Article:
Editor's note: Robert Alfert will be sharing his experience of preparing and running in the Ironman Triathlon World Championships with ESPN.com this week.
In a recent package on Page 2, ESPN.com worked excruciatingly hard to determine which sport is the most demanding, which athletes are best, and which athletic feat is the most impressive. The editors called upon the collective wisdom of sportswriters (not an oxymoron), sports scientists and you, the general, poll-voting public.
I'm still brooding.
Ironman wasn't even one of the sports given consideration as toughest of all.
Here's all you need to know about Ironman: It's the spawn of a drunken dare.
Only while under the influence would anyone suggest a competition that asks an athlete to run a 26.2-mile marathon. After bicycling 112 miles. After swimming 2.4 miles. In a Speedo. But that's exactly the adventure John Collins concocted while throwing down beers with some buddies back in 1978. They were at the Primo Brewery in Honolulu, arguing about which of them is the better athlete -- swimmer, runner or cyclist -- when Collins effectively said, sounding a bit like Ernie Banks, "OK, let's play three."
A total of 15 people showed up for that experiment, all entirely unsure of what to expect. One guy brought a tent strapped to his bike, assuming the race would take longer than a day. One guy hydrated on beer (and still came in second, by the way).
Ironman has come a long way since then. In fact, I'd argue that it has lapped every other sport in terms of toughness, earning respect as the studliest athletic endeavor of all.
I'm biased, of course, as a recreational triathlete who will be competing Saturday in the Ironman Triathlon World Championship in Kona. But here are five arguments Page 2 should have considered on behalf of my sport:
1) Hard-core Ironmen urinate on themselves. Why? Because, unlike in football, baseball, basketball and virtually every other sport, we don't take breaks from the action. There are no halftimes, no time outs, no chance to run to the clubhouse bathroom between innings. It's eight-plus hours of non-stop physical exertion, and several hours more if you're an amateur like me. Stopping to hit a porta-potty might be more dignified, but it can cost you precious minutes - an unthinkable cost to the most competitive among us.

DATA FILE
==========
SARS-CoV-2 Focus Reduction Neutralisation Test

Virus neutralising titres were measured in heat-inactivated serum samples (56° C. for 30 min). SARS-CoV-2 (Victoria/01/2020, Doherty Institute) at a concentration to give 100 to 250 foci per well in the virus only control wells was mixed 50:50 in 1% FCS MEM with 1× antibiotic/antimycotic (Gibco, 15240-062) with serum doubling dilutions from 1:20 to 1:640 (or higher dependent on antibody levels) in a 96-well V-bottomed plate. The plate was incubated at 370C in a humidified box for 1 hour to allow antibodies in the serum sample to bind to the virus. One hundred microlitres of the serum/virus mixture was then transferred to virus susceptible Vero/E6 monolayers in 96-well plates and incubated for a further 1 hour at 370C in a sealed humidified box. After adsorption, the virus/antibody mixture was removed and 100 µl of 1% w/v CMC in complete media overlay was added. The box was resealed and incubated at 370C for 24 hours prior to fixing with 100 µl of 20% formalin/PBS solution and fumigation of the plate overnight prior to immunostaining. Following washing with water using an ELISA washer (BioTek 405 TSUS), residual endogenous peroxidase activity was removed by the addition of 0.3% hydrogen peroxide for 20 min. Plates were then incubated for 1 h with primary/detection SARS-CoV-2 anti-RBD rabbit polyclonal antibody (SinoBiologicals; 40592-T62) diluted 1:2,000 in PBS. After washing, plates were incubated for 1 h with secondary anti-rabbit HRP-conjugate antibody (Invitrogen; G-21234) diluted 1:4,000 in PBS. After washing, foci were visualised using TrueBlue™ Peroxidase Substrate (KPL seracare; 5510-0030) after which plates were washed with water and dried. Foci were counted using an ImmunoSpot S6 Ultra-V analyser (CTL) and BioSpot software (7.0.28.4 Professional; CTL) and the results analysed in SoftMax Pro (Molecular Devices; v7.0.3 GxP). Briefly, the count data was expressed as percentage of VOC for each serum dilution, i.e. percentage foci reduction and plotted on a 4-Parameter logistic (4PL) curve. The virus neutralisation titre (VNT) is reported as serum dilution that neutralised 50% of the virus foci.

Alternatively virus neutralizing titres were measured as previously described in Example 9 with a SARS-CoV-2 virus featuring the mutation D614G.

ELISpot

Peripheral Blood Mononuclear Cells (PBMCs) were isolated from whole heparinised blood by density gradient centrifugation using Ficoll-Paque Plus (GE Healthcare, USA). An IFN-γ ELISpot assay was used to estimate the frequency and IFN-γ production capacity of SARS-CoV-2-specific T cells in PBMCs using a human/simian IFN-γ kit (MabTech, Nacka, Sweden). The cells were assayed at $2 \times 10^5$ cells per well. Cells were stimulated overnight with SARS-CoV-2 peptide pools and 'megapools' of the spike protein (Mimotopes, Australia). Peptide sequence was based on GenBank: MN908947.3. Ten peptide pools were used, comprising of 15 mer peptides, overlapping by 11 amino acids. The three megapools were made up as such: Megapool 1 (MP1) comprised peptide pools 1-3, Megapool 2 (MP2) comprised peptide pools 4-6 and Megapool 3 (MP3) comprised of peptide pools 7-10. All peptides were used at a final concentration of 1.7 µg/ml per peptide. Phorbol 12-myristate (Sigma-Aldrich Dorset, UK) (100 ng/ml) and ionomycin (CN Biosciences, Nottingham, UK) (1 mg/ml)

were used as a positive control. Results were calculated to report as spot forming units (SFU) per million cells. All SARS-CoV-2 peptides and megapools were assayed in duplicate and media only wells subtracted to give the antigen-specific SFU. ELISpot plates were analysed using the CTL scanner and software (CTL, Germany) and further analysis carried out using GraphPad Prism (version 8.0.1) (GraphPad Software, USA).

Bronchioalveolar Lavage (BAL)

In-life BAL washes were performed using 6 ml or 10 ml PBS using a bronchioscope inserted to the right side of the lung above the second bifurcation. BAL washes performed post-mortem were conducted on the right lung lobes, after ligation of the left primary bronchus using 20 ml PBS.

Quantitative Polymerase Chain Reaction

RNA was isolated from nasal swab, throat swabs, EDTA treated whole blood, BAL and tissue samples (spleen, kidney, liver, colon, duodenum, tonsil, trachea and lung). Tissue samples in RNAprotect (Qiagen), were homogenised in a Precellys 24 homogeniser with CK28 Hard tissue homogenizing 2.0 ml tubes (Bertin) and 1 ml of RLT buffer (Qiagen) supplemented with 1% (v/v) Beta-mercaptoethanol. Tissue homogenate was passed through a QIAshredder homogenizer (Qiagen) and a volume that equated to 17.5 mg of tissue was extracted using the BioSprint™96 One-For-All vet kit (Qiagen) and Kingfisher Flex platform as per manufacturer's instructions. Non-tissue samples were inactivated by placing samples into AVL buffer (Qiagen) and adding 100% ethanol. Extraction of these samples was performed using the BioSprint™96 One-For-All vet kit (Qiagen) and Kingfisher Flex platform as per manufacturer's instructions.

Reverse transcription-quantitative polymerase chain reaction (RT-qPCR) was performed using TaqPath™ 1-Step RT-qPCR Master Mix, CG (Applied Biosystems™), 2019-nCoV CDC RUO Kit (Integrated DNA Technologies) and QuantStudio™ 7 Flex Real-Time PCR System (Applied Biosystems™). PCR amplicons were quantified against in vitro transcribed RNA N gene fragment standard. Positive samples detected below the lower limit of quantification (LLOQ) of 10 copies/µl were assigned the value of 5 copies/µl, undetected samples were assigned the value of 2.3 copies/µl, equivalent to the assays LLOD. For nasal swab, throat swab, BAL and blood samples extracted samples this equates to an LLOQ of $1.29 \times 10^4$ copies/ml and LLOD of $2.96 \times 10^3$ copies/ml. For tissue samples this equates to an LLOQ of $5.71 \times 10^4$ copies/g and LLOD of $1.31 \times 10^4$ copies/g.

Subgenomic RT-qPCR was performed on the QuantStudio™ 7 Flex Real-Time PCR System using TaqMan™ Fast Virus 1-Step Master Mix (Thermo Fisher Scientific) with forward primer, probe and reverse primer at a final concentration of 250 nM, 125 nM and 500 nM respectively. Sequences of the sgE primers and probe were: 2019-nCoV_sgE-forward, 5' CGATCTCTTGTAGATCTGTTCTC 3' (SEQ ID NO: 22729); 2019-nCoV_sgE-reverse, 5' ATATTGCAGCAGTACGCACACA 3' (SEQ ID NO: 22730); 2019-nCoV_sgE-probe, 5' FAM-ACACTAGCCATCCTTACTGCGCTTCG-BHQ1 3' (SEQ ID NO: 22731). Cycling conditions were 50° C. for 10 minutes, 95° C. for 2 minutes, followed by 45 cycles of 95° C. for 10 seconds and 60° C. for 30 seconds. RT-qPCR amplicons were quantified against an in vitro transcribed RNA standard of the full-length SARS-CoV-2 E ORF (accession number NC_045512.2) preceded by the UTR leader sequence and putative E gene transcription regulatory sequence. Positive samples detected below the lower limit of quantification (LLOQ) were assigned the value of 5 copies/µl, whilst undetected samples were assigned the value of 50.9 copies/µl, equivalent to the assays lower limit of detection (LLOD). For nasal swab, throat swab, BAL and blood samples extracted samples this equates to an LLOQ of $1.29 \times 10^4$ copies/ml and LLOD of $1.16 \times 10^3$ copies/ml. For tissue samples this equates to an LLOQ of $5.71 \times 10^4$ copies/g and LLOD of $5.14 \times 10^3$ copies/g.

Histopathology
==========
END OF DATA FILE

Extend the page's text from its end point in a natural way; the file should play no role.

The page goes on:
2) No other sport asks an athlete to completely expend himself physically. In baseball, I'm not sure they even work up a sweat. In golf, the caddy gets a better workout. The classic Ironman image is that of an athlete literally crawling to the finish line. While most of us actually finish on two feet, some of the best in our sport don't even get there. Former Kona winner Tim DeBoom had to drop out last year during the final event, disappearing into a medic's van and falling unconscious because he was running 6-minute miles while passing kidney stones.
3) Plato would have crowned Ironman as the ultimate test of athleticism. The philosopher had argued that pentathlon deserved that title because it encompassed multiple disciplines. In his day, that meant running, swimming, javelin, discus and wrestling. Now, of course, pentathlon has morphed into an aristocrat's beauty contest that includes show jumping and fencing, and the top decathlete has assumed the reputation as the "world's best athlete." But decathletes get two days to prove themselves, with breaks between events. Let pretty boy Bruce Jenner eat his Wheaties; Ironmen fuel on Red Bull.
4) Everyone, myself included, is impressed with Lance Armstrong. The man has helped Americans realize that a sport in which you sit the whole time does have its challenges. He has garnered enough respect that ESPN.com users voted him the world's best athlete. But let's face it, cyclists are the divas of the sports world. Team leaders like Armstrong are surrounded by "domestiques," teammates whose job it is to protect them from the wind, bring them water and food, and attack opponents. Armstrong doesn't even have to fix his own flats. In Ironman, you are disqualified if you receive any type of assistance. It's you against the elements and the competition.
5) The vast majority of us pay for this physical abuse. Even regional Ironman events such as Ironman Florida, which I did in November, have entry fees of up to $400. The pros may not have to pay in many cases, but amateurs do, and the upside for the pros isn't that great. The best athletes in our sport make less than Tiger Woods' caddy, and only a handful can actually make a living off the sport. The popularity of triathlon has grown around the world, to the point where it's now an Olympic sport (albeit in a shorter and slightly different form). But it is still dominated by those competing for nothing more than love of the sport. All but a few Ironmen will make enough money Saturday to cover their airfare.
Nike once ran a series of spots called "Bo Knows" that celebrated the exaggerated multi-sport heroics of Bo Jackson.
I'd have bought the premise if we saw Bo in a Speedo in the lava fields of Kona.
Robert Alfert is a litigation attorney in Orlando. He can be reached at firstname.lastname@example.org.